Most Canadians didn’t think about food security until the pandemic led to a scarcity of staples like flour and canned goods. Since then, consumers and food companies alike have been looking at issues around the stability of our domestic food supply with a more critical eye.
Sylvain Charlebois, director of the Agri-Food Analytics Lab at Dalhousie University in Halifax, says there are three pillars that need to work together to ensure food security. The first is food accessibility and distribution. For example, the Atlantic region is limited in what is grown there, so it is dependent on central Canada and the U.S. to provide much of its supplies.
Affordability is another pillar. “When prices are too high, access to food becomes a problem,” says Charlebois. “The third pillar is food safety. If any of these pillars are breached, you’re looking at a food insecure market.”
The pandemic has only added to food insecurity and challenged supply chains, he says. While it’s too early to see the data confirming COVID’s impact, Charlebois believes that the level of food insecurity has increased. “When we come out of the pandemic, we’ll have a better understanding of who’s been left behind. We just don’t know who, where, but I think the number of people who are hungry has gone up.”
The good news is that the pandemic has made consumers think about food systems. They’re gardening and growing food more than ever before and, according to Charlebois, 83 per cent say feel confident about the country’s food supply chain’s ability to deliver.
Our food system is only as secure as our farming sector— Max Koeune
To protect the supply, food processing, considered the strategic anchor of the entire system, needs to be the focus, he says. “We need to figure out a way to address labour shortages in that field,” he says, and come up with innovative ways to support processors. “They want to invest more in Canada, not less.”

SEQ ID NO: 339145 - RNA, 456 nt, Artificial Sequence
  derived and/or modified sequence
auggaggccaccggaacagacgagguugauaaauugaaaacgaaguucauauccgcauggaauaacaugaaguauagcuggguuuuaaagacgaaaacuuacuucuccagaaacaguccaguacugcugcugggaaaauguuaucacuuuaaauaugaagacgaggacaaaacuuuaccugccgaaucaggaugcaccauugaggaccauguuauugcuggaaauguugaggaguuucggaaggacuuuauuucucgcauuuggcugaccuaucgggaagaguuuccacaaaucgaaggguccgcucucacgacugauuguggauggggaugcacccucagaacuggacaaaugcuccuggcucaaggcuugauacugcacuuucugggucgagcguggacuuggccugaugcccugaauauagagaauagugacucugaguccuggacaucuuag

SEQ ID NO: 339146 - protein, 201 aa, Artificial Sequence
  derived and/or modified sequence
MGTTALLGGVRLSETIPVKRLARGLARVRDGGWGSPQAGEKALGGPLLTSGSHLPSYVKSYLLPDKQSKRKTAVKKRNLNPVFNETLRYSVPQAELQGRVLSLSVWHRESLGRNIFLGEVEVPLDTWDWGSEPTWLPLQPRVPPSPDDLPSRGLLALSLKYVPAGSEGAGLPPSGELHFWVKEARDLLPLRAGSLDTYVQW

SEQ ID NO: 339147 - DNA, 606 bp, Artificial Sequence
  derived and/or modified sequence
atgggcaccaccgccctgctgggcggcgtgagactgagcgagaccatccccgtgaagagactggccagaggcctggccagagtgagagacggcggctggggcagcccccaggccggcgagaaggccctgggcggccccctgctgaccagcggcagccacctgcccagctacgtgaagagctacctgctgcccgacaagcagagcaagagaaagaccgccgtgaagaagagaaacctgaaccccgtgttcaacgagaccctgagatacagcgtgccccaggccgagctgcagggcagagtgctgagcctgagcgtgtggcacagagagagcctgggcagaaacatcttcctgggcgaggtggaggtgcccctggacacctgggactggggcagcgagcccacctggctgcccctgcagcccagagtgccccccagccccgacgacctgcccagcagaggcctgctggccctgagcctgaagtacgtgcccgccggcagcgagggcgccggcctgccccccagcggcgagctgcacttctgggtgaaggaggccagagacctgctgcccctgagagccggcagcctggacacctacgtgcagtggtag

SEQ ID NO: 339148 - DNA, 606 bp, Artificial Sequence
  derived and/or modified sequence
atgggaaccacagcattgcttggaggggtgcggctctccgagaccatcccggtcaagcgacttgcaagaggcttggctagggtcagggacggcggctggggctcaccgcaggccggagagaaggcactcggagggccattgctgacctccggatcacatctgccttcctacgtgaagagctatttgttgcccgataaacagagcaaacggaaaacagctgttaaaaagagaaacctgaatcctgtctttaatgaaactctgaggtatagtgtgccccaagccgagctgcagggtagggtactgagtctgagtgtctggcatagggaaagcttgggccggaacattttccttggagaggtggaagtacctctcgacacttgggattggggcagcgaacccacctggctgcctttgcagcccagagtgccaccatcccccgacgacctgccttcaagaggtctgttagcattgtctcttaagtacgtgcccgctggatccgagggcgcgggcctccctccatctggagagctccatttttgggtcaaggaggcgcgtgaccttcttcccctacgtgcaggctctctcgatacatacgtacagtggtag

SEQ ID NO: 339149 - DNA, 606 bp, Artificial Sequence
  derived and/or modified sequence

Max Koeune, president and chief executive officer of McCain Foods, one of Canada’s largest agri-food companies, points out that, for the first time since the Second World War, Canadians have been faced with the prospect of real food shortages. In the past 16 months, grocery store shelves were empty on and off, food banks were running low and farmers were left with food surpluses that went to waste.
“It was an alarming situation which hasn’t completely passed,” says Koeune. “While grocery shelves in Canada look full again, there are many who struggle to access the food they need, and around the world shipping disruptions and inflation are still placing unprecedented strains on access to a reliable food supply.”
The situation has reinforced his company’s resolve to tackle the issue head on by continuing to investment in agriculture and operations, working closely with rural communities and engaging in strategic partnerships.
Consumers, governments and food companies are recognizing their responsibility in accelerating efforts to build a sustainable future, he says, “to produce more food with less waste, address food security and pivot our consumption toward products that place less pressure on our environment.”
McCain Foods, one of the world’s leading producers of prepared potato and appetizer products, is committed to protect and enhance the long-term viability of farmers, says Koeune.
“Our food system is only as secure as our farming sector,” he says. “Getting it right will be a collective responsibility – between farmers, food companies, grocers, restaurants and governments – to change and support how we grow and manage our food.”
To achieve that, McCain is focusing on regenerative agriculture practices and implementing innovative farm technology that will help produce more food while restoring soil quality, using less water, reducing carbon emissions and minimizing food waste.
The company has also made a global commitment to donate 200 million meals to food banks and NGOs by 2025. Says Koeune, “We understand now more than ever that we have a clear imperative to improve the food system.”
Advertising feature produced by Globe Content Studio with McCain Foods. The Globe’s editorial department was not involved.